NASH, or non-alcoholic steatohepatitis, is a significant health concern affecting millions worldwide. Characterized by inflammation and liver cell damage, NASH can progress to liver fibrosis, cirrhosis, or liver cancer if left untreated. There is currently a pressing need for effective treatment options for NASH with liver fibrosis. The MAESTRO-NASH phase 3 trial, a recently conducted study, offers hope in this regard, highlighting the potential of Resmetirom as a treatment option.
Understanding the MAESTRO-NASH Phase 3 Trial
The MAESTRO-NASH phase 3 trial focused primarily on evaluating the efficacy of Resmetirom in treating NASH patients with liver fibrosis. This trial involved 966 adults who had biopsy-confirmed NASH and a fibrosis stage of F1B, F2 or F3. The patients were randomly assigned to receive either 80 mg or 100 mg of Resmetirom or a placebo, once daily. The primary endpoints at week 52 were NASH resolution and an improvement in fibrosis.
Trial Findings: Resmetirom Shows Potential
As per the findings, NASH resolution with no worsening of fibrosis was achieved in 25.9% of patients in the 80 mg Resmetirom group and 29.9% in the 100 mg Resmetirom group, compared to 9.7% in the placebo group. Also, improvement in fibrosis by at least one stage with no worsening of the NAFLD activity score was noted in 24.2% of the patients in the 80 mg Resmetirom group and 25.9% in the 100 mg Resmetirom group, as opposed to 14.2% in the placebo group. These findings underscore the potential of Resmetirom in treating NASH with liver fibrosis.
Resmetirom: A Liver-Directed Therapy
Resmetirom is an oral, liver-directed, thyroid hormone receptor beta-selective agonist under development for the treatment of NASH with liver fibrosis. It is designed to target key underlying causes of NASH. The drug also led to reductions in levels of a broad range of atherogenic lipids and lipoproteins, including LDL cholesterol, nonâHDL cholesterol, triglycerides, apolipoprotein B, and lipoprotein(a).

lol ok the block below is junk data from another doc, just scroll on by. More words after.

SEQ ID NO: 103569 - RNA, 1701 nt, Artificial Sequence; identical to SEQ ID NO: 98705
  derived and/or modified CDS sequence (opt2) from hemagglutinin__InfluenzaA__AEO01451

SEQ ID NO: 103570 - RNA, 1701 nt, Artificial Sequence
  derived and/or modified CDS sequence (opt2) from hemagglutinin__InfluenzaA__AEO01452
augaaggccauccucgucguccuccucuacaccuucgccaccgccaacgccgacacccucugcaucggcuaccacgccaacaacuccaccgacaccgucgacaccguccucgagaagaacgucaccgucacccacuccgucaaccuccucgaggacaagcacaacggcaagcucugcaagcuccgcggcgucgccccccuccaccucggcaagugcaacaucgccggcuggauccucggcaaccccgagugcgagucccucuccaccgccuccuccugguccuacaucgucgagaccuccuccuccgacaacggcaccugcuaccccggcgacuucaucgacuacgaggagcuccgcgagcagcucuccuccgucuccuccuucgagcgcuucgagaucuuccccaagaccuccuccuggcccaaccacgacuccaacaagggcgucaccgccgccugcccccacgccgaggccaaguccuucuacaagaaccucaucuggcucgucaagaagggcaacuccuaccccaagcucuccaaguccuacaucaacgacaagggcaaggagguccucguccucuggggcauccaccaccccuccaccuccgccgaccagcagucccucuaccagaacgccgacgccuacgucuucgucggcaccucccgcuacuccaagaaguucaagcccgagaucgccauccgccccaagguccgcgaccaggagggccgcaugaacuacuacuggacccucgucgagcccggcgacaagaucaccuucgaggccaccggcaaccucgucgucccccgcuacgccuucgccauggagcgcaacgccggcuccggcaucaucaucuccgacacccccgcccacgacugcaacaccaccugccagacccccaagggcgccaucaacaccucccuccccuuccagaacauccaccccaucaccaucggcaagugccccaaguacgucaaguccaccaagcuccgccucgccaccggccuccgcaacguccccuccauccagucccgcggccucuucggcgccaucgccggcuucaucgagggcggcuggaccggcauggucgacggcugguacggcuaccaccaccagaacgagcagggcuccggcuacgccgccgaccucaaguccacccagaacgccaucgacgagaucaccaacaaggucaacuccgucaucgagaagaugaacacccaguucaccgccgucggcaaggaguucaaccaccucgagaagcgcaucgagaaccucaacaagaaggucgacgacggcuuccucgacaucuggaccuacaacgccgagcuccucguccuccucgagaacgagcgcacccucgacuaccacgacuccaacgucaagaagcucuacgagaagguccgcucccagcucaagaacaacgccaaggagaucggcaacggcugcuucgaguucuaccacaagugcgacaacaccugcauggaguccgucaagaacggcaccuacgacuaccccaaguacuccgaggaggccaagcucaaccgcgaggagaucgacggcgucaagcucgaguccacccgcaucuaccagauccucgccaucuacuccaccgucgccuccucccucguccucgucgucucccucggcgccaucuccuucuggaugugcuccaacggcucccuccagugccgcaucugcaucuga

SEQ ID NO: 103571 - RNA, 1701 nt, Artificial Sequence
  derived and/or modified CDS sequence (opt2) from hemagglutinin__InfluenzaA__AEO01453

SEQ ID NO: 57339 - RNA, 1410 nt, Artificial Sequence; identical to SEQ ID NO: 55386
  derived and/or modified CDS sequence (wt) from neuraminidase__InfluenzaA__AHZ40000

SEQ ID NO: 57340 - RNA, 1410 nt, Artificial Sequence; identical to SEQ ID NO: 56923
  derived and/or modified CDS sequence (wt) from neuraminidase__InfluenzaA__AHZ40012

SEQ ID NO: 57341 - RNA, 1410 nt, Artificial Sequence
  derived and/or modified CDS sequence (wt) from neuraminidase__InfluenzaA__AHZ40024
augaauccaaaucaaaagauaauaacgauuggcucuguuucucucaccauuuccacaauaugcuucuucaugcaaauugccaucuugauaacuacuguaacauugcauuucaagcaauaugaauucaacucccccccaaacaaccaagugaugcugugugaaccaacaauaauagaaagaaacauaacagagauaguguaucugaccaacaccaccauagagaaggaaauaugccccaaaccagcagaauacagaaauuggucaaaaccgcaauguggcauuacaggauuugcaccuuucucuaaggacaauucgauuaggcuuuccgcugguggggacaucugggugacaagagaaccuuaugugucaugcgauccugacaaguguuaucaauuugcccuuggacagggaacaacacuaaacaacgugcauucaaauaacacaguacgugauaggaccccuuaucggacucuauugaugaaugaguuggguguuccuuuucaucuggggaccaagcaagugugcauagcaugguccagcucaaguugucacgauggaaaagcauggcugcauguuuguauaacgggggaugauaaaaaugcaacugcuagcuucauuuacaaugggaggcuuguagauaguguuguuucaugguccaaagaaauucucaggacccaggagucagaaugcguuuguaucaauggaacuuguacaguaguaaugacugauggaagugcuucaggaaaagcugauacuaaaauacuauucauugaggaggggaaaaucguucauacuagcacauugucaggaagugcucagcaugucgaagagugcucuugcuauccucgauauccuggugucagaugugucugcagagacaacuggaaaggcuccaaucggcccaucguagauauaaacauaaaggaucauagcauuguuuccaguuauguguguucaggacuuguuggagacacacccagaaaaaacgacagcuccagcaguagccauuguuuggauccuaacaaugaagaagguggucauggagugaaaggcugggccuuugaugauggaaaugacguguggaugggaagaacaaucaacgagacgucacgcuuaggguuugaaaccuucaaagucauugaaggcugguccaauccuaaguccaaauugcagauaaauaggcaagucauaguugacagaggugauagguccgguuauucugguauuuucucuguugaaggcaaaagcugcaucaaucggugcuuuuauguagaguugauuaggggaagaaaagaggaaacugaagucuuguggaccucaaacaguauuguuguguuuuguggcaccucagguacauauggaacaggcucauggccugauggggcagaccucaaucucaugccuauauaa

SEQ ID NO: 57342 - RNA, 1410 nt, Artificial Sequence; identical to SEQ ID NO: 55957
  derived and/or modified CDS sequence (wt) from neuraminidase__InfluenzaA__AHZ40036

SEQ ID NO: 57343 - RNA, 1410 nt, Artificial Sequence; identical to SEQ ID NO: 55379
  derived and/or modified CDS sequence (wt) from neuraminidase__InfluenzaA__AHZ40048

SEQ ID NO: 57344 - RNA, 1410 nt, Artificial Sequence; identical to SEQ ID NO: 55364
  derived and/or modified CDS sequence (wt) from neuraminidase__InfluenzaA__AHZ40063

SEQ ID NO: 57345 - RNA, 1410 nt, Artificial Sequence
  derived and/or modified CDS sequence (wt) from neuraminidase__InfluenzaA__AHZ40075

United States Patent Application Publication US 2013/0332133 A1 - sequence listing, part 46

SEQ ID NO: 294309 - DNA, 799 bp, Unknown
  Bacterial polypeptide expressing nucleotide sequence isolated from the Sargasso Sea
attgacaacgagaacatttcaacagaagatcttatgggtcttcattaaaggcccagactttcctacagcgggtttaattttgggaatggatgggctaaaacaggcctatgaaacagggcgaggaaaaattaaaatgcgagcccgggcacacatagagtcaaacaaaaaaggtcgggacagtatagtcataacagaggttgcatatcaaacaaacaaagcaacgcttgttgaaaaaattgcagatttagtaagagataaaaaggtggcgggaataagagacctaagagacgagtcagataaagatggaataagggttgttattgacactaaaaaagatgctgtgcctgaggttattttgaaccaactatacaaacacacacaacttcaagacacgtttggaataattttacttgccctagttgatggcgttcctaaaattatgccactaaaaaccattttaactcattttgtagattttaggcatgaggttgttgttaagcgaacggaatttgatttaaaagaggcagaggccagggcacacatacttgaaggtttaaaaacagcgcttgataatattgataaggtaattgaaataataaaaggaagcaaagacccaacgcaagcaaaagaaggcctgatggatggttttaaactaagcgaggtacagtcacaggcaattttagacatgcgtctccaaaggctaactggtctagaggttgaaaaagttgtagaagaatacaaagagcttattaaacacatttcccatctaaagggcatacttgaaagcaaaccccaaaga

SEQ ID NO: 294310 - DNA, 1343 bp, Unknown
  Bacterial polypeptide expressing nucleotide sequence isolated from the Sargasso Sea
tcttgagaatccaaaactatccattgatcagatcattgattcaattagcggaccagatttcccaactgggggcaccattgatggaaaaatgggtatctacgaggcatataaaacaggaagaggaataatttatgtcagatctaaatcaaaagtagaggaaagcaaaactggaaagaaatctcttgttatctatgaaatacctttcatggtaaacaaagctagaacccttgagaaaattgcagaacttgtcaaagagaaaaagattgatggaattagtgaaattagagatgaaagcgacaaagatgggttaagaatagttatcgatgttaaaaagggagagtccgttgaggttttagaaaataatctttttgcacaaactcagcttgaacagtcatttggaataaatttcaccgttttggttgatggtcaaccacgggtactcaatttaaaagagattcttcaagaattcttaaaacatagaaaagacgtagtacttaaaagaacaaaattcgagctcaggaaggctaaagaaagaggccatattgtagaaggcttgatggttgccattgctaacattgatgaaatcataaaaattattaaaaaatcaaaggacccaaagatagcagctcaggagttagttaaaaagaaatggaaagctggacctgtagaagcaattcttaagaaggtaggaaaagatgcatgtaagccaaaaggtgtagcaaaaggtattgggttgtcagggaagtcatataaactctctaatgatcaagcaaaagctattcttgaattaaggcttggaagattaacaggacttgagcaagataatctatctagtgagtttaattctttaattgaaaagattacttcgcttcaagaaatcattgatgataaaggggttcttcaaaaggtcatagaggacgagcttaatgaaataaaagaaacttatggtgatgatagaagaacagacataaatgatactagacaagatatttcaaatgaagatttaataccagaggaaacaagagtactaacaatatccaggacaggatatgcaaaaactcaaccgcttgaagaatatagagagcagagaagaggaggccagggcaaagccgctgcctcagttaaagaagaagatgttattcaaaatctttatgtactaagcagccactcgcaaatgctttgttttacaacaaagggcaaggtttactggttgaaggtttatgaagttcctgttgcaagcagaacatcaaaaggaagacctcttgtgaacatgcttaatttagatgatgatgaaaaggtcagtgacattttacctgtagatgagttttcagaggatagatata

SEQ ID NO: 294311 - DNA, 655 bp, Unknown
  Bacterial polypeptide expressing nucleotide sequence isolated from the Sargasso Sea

Adverse Effects and Safety Concerns
The trial also noted the adverse effects of Resmetirom. More patients in the 100 mg group discontinued the trial due to adverse events compared to the 80 mg or placebo groups. Diarrhea and nausea were more frequently observed in the Resmetirom groups. However, the incidence of serious adverse events was similar across trial groups, indicating that the drug is generally safe.
Towards FDA Approval
Resmetirom is currently under review to become the first approved medicine to treat patients with NASH with liver fibrosis. The drug has shown promising results in resolving NASH and improving liver fibrosis. However, there are concerns about the access and cost of the drug, especially for patients with stage F2 or higher fibrosis. The FDA is expected to decide on its approval by mid-March.
In conclusion, the MAESTRO-NASH Phase 3 trial has shed light on a potentially effective treatment for NASH with liver fibrosis. While further studies and investigations are needed to ascertain long-term safety and efficacy, the results so far are promising and pave the way for significant advances in NASH treatment.